Walking into a small room, I am greeted by an usher as songs about Louis Riel and Canadian identity foreshadow the upcoming play. I take my seat across from the centre of what I assume is the stage. Scarlet curtains frame a black window made to look almost as if you are peering into a TV screen. Above the stage, Comedy and Tragedy Masks take the shape of maple leaves, accentuating the name of the theatre company responsible for the next two hours of hilarity and history: VideoCabaret.
The play I am about to see is the first of a summer-long, two-part series called Confederation & Riel and Scandal & Rebellion, which is about the struggle of forming the Dominion of Canada. These plays do much more than entertain, though–they teach. They are a clear feat to anyone who fought to stay awake during their grade school history classes: Canadian history has become interesting. They manage this through a type of speed, wit, and hand-eye coordination that left me flabbergasted at how much I didn’t know before walking into this room.
The theatre company, founded in 1976, utilizes video cameras, hot-wired televisions, and the power of rock ’n’ roll to engage its audience in plays concerning mass media politics. Since then, VideoCabaret has toured the world, won a total of 23 awards, and produced over 15 plays. The Confederation series, being shown at Toronto’s Soulpepper Theatre, is part of a 21-part play cycle written by VideoCabaret co-founder Michael Hollingsworth that dramatizes and satirizes four centuries of Canadian history in all of its problematic glory.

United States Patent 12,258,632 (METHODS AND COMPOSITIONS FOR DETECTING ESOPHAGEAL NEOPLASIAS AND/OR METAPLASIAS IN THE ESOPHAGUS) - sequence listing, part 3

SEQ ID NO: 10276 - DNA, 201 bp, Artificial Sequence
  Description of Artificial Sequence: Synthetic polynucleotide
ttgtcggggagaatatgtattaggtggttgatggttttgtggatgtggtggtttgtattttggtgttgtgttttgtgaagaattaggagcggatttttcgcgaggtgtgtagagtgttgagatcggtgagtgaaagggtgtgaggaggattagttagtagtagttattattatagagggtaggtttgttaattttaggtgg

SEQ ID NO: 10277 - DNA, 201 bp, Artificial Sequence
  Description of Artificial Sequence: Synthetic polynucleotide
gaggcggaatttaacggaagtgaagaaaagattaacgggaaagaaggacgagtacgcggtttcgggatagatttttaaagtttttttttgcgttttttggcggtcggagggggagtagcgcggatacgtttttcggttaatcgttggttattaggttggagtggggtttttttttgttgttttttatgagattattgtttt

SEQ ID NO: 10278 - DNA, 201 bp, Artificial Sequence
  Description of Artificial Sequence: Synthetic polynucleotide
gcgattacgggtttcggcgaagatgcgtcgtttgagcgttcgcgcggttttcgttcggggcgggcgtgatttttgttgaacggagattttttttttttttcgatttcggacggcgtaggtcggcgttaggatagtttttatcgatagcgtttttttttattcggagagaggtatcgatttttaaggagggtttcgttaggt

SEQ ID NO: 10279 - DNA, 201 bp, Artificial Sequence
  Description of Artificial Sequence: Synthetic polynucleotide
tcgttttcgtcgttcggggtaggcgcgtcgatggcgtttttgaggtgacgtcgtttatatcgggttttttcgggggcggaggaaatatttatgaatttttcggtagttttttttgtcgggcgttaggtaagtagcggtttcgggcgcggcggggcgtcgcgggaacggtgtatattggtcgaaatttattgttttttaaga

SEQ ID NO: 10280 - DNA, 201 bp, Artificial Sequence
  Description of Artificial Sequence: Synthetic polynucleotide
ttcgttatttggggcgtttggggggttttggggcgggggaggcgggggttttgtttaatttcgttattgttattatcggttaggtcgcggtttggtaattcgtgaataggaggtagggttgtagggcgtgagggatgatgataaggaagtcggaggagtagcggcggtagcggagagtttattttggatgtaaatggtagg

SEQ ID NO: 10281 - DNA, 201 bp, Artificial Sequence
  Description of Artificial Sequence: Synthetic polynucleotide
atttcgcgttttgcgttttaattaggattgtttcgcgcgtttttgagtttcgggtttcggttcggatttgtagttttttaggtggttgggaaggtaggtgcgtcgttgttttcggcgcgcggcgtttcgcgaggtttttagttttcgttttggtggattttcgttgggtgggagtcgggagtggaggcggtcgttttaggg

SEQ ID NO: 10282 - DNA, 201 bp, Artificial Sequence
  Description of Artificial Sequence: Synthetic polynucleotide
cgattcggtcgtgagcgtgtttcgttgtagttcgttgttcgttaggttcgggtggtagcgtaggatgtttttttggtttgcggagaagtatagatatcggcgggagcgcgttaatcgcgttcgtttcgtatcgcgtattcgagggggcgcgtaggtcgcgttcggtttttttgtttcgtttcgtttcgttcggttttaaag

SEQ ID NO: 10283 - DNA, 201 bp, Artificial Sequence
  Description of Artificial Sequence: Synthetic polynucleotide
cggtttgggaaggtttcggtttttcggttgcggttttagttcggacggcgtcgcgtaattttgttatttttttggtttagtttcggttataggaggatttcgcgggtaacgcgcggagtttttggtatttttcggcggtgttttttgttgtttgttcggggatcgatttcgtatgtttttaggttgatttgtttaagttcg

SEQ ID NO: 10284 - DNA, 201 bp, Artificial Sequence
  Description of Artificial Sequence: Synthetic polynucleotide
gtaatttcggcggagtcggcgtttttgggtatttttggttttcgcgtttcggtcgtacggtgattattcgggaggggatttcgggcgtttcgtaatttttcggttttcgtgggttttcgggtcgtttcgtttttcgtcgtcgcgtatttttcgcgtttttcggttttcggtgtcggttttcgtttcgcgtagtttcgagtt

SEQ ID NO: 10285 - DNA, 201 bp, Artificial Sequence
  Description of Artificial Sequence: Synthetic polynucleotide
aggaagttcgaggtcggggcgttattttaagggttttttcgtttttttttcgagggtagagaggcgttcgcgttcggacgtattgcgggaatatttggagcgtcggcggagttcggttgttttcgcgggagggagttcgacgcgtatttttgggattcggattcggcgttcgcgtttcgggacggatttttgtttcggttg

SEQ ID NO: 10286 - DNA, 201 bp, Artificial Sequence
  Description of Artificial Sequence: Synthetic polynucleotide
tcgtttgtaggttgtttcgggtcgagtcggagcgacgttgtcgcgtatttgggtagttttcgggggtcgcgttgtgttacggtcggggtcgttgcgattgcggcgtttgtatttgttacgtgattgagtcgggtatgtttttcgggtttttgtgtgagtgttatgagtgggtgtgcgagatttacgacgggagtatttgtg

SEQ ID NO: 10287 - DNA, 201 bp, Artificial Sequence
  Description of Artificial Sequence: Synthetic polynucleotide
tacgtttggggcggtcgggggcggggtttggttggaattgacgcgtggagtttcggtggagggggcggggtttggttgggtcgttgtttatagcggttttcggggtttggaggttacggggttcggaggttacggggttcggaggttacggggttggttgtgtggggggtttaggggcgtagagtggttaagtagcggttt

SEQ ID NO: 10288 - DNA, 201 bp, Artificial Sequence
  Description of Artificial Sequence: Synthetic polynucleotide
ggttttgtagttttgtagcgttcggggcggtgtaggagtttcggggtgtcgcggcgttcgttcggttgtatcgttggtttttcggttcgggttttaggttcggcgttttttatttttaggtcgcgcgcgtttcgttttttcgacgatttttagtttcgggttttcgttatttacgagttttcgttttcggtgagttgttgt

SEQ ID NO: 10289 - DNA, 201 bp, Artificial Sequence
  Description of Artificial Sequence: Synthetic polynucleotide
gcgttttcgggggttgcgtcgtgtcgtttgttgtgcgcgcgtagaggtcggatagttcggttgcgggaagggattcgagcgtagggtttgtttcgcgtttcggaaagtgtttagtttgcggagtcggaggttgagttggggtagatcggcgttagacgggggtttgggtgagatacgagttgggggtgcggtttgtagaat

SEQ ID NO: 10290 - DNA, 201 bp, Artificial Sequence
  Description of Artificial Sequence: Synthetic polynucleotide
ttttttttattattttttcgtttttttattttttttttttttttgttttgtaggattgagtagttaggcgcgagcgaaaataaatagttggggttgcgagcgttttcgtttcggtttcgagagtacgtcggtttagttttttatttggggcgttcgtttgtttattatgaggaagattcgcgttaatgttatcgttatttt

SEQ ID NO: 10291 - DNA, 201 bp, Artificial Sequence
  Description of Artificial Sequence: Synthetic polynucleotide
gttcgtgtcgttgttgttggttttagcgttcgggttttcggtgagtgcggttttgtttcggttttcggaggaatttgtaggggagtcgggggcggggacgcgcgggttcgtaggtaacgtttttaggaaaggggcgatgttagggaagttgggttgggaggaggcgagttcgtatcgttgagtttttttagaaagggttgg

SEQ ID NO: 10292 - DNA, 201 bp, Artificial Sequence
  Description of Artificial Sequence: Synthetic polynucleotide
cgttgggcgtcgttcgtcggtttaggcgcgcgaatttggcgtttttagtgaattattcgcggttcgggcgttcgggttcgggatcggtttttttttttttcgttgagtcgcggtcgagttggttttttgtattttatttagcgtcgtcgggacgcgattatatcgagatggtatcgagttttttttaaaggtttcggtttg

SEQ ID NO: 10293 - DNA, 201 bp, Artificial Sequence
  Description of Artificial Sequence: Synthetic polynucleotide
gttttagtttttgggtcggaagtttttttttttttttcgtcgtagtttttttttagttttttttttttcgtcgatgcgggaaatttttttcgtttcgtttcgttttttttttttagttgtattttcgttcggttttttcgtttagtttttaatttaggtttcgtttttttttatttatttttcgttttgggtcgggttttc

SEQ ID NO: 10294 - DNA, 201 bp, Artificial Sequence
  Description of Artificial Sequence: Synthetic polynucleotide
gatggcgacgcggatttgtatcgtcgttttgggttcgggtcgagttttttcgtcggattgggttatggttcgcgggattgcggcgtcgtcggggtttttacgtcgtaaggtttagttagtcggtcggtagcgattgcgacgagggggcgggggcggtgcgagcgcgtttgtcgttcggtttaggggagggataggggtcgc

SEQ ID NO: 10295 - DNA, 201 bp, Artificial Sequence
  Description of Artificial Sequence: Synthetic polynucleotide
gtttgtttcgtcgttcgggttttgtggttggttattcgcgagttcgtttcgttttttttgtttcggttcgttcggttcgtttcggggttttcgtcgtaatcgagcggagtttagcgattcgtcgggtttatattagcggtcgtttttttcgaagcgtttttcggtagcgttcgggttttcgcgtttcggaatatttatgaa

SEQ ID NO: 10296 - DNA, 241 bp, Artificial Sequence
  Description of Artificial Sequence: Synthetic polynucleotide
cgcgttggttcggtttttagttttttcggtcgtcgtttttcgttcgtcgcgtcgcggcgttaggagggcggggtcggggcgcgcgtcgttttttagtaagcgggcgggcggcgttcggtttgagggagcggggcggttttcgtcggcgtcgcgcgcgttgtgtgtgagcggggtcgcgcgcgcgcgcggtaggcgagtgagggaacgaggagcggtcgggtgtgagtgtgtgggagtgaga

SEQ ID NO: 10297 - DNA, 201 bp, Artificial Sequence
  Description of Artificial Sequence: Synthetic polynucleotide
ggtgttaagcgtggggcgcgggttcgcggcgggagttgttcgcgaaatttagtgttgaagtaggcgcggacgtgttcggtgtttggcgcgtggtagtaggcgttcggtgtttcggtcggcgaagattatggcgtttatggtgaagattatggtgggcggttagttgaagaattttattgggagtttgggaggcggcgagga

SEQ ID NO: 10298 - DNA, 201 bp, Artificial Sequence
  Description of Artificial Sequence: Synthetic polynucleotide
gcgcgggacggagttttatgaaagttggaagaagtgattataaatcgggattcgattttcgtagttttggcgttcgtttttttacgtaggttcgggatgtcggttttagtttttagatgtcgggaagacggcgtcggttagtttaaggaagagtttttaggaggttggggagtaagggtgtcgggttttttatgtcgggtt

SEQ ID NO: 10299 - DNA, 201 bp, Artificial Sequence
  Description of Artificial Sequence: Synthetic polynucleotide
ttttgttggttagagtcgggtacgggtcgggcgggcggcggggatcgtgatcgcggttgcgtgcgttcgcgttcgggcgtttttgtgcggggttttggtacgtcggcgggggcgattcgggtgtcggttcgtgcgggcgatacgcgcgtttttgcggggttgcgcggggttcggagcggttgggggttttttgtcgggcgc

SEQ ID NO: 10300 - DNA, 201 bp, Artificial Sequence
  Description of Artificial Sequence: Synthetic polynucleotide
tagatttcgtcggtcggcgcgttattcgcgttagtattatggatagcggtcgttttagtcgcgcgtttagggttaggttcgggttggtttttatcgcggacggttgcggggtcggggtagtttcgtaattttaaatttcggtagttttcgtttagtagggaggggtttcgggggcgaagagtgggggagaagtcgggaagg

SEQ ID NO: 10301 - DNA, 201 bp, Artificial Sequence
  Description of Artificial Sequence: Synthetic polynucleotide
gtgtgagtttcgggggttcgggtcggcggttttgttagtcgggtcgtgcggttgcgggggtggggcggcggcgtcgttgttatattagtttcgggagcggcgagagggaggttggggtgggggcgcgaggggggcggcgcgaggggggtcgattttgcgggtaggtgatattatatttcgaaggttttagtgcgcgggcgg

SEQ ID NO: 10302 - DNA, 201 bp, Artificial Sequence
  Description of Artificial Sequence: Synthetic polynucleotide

The plays aren’t what you would think of when hearing the word “theatre.” They are presented in black-box style, where the entire theatre is darkened save for a sliver of light that reveals the actors and subtle projections on hidden screens that form a setting. Hollingsworth’s goal is to create scenes that are under one minute. With speedy character introductions and successional quips that leave no time for afterthought, it’s inconceivable that only eight actors cross the stage, each having more than five roles.
As the play progresses, there is no time to mentally review what you know from elementary school. The play presents a story of Confederation through archetypes that made the characters and plot identifiable, leaving no room for second-guessing the difference between the Fenians and the Orangemen.
In today’s fast-paced age of content creation, the average Canadian’s attention span is eight seconds. VideoCabaret’s theatrical splicing of the lesser-known facts of history has created an indispensable teaching tool that stands its ground in a time where celebrity featured commercials and clickbait titles vie for our attention. VideoCabaret’s Confederation doesn’t ask for your attention, it grabs it, and doesn’t let go until you’ve learned a thing or two about the True North.